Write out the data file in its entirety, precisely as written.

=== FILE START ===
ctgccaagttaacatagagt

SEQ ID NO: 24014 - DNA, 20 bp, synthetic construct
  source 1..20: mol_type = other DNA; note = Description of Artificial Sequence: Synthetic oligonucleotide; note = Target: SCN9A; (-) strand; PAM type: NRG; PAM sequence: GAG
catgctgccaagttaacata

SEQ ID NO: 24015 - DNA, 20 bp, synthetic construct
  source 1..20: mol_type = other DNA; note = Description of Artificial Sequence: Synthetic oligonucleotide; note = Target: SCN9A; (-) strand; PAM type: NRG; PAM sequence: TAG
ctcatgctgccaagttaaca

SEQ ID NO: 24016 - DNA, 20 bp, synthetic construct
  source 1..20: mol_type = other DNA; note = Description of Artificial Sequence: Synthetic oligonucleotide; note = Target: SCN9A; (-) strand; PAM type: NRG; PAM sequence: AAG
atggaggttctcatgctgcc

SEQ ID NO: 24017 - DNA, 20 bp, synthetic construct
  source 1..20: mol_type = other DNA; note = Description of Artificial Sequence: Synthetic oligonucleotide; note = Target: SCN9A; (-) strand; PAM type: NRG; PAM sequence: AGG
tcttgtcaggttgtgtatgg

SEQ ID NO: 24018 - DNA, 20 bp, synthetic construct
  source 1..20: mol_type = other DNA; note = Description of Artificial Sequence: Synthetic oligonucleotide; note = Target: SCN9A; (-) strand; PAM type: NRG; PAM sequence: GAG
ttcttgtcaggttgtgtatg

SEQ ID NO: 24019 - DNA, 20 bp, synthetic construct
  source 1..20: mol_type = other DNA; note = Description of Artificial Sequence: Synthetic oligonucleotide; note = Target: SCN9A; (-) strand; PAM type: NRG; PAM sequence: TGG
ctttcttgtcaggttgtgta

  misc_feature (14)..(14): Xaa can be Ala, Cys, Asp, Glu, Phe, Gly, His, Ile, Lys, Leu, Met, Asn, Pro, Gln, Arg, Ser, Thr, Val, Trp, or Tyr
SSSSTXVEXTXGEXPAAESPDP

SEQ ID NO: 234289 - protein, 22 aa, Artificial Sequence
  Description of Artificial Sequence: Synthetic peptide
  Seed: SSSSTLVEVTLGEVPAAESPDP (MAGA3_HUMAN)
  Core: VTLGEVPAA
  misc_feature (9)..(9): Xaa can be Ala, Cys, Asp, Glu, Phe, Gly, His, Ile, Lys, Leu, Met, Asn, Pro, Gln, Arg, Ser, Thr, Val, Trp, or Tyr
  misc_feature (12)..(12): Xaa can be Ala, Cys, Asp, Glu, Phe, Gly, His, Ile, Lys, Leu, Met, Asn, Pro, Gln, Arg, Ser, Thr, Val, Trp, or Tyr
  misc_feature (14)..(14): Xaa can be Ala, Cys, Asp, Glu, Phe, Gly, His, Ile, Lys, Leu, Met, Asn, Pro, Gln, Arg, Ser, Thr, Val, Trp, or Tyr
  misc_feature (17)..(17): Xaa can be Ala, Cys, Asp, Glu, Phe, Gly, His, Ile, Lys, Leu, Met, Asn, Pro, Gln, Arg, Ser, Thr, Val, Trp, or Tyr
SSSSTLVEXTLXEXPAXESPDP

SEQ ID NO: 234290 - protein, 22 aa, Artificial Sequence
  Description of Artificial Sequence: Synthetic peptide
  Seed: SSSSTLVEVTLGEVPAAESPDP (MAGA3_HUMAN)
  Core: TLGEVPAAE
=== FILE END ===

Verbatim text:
ctgccaagttaacatagagt

SEQ ID NO: 24014 - DNA, 20 bp, synthetic construct
  source 1..20: mol_type = other DNA; note = Description of Artificial Sequence: Synthetic oligonucleotide; note = Target: SCN9A; (-) strand; PAM type: NRG; PAM sequence: GAG
catgctgccaagttaacata

SEQ ID NO: 24015 - DNA, 20 bp, synthetic construct
  source 1..20: mol_type = other DNA; note = Description of Artificial Sequence: Synthetic oligonucleotide; note = Target: SCN9A; (-) strand; PAM type: NRG; PAM sequence: TAG
ctcatgctgccaagttaaca

SEQ ID NO: 24016 - DNA, 20 bp, synthetic construct
  source 1..20: mol_type = other DNA; note = Description of Artificial Sequence: Synthetic oligonucleotide; note = Target: SCN9A; (-) strand; PAM type: NRG; PAM sequence: AAG
atggaggttctcatgctgcc

SEQ ID NO: 24017 - DNA, 20 bp, synthetic construct
  source 1..20: mol_type = other DNA; note = Description of Artificial Sequence: Synthetic oligonucleotide; note = Target: SCN9A; (-) strand; PAM type: NRG; PAM sequence: AGG
tcttgtcaggttgtgtatgg

SEQ ID NO: 24018 - DNA, 20 bp, synthetic construct
  source 1..20: mol_type = other DNA; note = Description of Artificial Sequence: Synthetic oligonucleotide; note = Target: SCN9A; (-) strand; PAM type: NRG; PAM sequence: GAG
ttcttgtcaggttgtgtatg

SEQ ID NO: 24019 - DNA, 20 bp, synthetic construct
  source 1..20: mol_type = other DNA; note = Description of Artificial Sequence: Synthetic oligonucleotide; note = Target: SCN9A; (-) strand; PAM type: NRG; PAM sequence: TGG
ctttcttgtcaggttgtgta

  misc_feature (14)..(14): Xaa can be Ala, Cys, Asp, Glu, Phe, Gly, His, Ile, Lys, Leu, Met, Asn, Pro, Gln, Arg, Ser, Thr, Val, Trp, or Tyr
SSSSTXVEXTXGEXPAAESPDP

SEQ ID NO: 234289 - protein, 22 aa, Artificial Sequence
  Description of Artificial Sequence: Synthetic peptide
  Seed: SSSSTLVEVTLGEVPAAESPDP (MAGA3_HUMAN)
  Core: VTLGEVPAA
  misc_feature (9)..(9): Xaa can be Ala, Cys, Asp, Glu, Phe, Gly, His, Ile, Lys, Leu, Met, Asn, Pro, Gln, Arg, Ser, Thr, Val, Trp, or Tyr
  misc_feature (12)..(12): Xaa can be Ala, Cys, Asp, Glu, Phe, Gly, His, Ile, Lys, Leu, Met, Asn, Pro, Gln, Arg, Ser, Thr, Val, Trp, or Tyr
  misc_feature (14)..(14): Xaa can be Ala, Cys, Asp, Glu, Phe, Gly, His, Ile, Lys, Leu, Met, Asn, Pro, Gln, Arg, Ser, Thr, Val, Trp, or Tyr
  misc_feature (17)..(17): Xaa can be Ala, Cys, Asp, Glu, Phe, Gly, His, Ile, Lys, Leu, Met, Asn, Pro, Gln, Arg, Ser, Thr, Val, Trp, or Tyr
SSSSTLVEXTLXEXPAXESPDP

SEQ ID NO: 234290 - protein, 22 aa, Artificial Sequence
  Description of Artificial Sequence: Synthetic peptide
  Seed: SSSSTLVEVTLGEVPAAESPDP (MAGA3_HUMAN)
  Core: TLGEVPAAE